The role of emotions in decision-making continues to receive interest, as evidenced by a special issue on affect and emotion in decisionmaking (Peters et al., 2006). Yiend, (2010) reviewed the effects of emotion on attention. A review of the influence of discrete emotions on judgement and decision-making in laboratory conditions concluded that the effects on outcomes are moderate to large (Angie et al, 2011). However, few studies have investigated emotional influences on decisionmaking in ‘real contexts’, as opposed to laboratory conditions. The present paper addresses this gap in the literature. It provides empirical support for the influencing role of mood on decisionmakingprocess, when the nature of the decision task, and its context, give rise to the affect and emotional state. The mood state is integral and related to the decision task rather than incidental and unrelated. (Lerner et al., 2015).
While communicating the package is influencing stages of consumer decisionmakingprocess. In the stage of need perception, the package, which is attracting consumer attention, determines not planned need in case of impulsive purchase. In the stage of information search the package becomes the source of information about the product. The stage of information search is very important in the case of high involvement in the decisionmakingprocess and here the verbal package communication is the most important. Consumer is evaluating alternatives of product according established criteria in the stage of alternatives evaluation. The package impact is the biggest at this stage, because verbal and non-verbal package components are communicating the comprehensive information about the product. Stage of choice is frequently compared with the stage of alternatives evaluation, because the estimation of the best alternative determines the choice of consumer. Therefore the package LV LQIOXHQFLQJ WKH FKRLFH VWDJH WKURXJK DOWHUQDWLYHV¶ evaluation stage. At the stage of the behaviour purchase elements of package tell the consumer how to use the product properly, influence quality evaluation while using the product and help to identify the product during the repeated purchase.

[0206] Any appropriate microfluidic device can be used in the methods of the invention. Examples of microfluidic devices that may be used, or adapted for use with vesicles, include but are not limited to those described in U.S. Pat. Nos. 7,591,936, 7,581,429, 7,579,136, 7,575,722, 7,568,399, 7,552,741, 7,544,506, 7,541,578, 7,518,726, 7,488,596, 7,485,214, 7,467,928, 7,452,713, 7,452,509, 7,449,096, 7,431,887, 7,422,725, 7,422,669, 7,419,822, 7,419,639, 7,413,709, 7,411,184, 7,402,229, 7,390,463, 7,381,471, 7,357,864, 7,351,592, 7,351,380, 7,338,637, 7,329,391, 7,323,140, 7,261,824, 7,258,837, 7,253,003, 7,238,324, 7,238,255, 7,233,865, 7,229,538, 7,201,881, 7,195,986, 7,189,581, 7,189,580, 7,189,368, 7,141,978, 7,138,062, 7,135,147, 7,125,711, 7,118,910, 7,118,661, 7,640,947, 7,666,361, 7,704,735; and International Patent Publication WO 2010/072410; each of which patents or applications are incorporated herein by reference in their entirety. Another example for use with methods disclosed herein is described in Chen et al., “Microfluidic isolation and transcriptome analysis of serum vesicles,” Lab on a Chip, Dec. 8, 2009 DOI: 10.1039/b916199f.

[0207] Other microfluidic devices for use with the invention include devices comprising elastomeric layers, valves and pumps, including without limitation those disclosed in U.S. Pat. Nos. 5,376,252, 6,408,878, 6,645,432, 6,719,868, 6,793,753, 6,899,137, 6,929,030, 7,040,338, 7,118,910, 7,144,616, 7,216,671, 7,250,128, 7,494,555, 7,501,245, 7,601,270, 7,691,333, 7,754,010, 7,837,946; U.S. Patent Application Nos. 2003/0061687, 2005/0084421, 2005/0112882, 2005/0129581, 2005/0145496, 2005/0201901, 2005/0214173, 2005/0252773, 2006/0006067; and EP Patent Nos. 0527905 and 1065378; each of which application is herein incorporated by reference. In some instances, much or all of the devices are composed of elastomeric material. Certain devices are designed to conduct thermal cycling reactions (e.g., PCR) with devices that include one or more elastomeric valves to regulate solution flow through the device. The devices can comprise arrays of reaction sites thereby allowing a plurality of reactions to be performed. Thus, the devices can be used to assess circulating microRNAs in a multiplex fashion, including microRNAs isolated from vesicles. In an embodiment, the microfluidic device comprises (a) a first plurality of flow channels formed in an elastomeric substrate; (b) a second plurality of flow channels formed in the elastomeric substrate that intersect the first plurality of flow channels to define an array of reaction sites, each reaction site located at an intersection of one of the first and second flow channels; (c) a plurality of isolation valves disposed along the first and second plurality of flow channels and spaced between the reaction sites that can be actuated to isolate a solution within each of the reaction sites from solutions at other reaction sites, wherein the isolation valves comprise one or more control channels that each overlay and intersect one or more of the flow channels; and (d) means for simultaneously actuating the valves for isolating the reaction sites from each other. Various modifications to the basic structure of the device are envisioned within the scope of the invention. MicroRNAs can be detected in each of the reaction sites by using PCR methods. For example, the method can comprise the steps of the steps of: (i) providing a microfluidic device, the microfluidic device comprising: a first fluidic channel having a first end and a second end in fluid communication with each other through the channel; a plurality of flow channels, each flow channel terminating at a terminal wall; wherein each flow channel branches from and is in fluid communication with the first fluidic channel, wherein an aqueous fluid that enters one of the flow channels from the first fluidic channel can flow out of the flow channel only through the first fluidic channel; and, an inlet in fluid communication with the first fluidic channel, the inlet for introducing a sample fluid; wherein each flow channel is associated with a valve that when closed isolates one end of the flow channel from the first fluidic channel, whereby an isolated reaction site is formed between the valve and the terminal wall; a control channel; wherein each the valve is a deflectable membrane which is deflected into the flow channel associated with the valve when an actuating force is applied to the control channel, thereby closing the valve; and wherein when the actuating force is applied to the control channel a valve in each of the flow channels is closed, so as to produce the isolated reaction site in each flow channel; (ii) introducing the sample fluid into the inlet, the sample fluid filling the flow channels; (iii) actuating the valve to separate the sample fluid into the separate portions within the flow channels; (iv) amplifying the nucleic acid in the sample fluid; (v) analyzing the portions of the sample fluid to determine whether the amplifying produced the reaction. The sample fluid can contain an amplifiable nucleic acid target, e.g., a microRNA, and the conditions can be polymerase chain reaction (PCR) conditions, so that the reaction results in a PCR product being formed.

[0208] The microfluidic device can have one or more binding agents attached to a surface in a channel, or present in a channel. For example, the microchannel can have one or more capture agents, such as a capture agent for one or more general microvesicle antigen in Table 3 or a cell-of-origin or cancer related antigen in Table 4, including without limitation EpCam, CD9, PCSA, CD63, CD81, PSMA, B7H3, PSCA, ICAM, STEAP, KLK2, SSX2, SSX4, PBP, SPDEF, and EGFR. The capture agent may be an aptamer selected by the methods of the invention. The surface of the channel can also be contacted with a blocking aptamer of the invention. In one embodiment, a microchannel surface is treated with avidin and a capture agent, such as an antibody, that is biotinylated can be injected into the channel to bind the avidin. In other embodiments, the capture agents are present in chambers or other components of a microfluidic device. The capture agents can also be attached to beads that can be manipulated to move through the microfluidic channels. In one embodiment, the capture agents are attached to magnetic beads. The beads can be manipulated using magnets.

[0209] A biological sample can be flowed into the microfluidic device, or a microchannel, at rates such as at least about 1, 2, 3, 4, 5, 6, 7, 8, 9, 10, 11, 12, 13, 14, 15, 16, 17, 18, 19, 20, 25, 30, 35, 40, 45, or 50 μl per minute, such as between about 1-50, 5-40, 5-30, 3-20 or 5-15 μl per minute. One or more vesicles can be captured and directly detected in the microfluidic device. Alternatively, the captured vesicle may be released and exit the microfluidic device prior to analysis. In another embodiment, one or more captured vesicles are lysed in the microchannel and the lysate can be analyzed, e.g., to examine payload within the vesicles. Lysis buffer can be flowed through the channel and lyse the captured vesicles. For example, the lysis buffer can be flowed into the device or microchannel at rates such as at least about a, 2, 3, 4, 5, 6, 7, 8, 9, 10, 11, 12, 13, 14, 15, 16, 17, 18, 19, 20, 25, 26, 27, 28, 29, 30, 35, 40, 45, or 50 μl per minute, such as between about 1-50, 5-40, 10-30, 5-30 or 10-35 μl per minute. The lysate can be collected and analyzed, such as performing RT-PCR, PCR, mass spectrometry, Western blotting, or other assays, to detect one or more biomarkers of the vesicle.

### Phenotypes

and resources (H3) and the attitude towards others (H5). This is against the expectations of the literature. There is a significant association between faith in intuition and only two out of five principles of effectuation (H4, H6). These differences can be supported by previous research, which has shown that the entrepreneurial decision-makingprocess can be a combination of causational and effectual actions (Sarasvathy, 2001). However, there is no evidence that the principles which are not influenced by the intuitive thinking style are contrariwise associated with radical thinking; there is no significant relationship between need for cognition and the entrepreneurial decision-making and its underlying principles. Moreover, the quiet similar means between the principle of exploiting contingencies and the principle of pre-existing knowledge indicate that there is no necessity of a tendency between effectuation and causation when making a decision, towards unexpected events. This result challenges the assumption that a more effectual approach is more effective in situations of uncertainty (Sarasvathy, 2001). As mentioned by Arend and Burkemper (2015), the concept of effectuation lacks in addressing personal resources and capabilities underlying this logic. This leads to the idea that not the individuals’ thinking style alone may act as a single predictor for the behavior in the decision-makingprocess. Besides the individuals’ preference in thinking, it needs to be investigated whether there are common means of entrepreneurs, such as who they are, whom they know and what they know (Sarasvathy, 2001; Sarasvathy, Kumar, York, & Bhagavatula, 2013), and how they change over time (Krueger, 2007). For example, as evidenced in this research, the educational background in business administration studies has a negatively impact on the causational decision-making. Thus, research firstly needs to concentrate on the circumstances that force an individual to decide for a business administration study, followed by an investigation how this study program, or the development of domain-relevant knowledge, affects the preference for either causational or effectual decision-making. Considering the example of Sarasvathy (2001), where she compares the process of effectuation to cooking without a recipe where the outcome will be more uncertain than cooking on schedule. In order to predict the use of effectual decision- making, the reasons that may lead to the decision to not cook on schedule needs to be investigated. Additionally, it needs to be challenged whether experience in cooking without a recipe and knowledge about this process influences the outcome.
much highlighted in market/news and like to invest in stock which gave extra return in the past so they like to choose the stock which is giving the extra-large gain.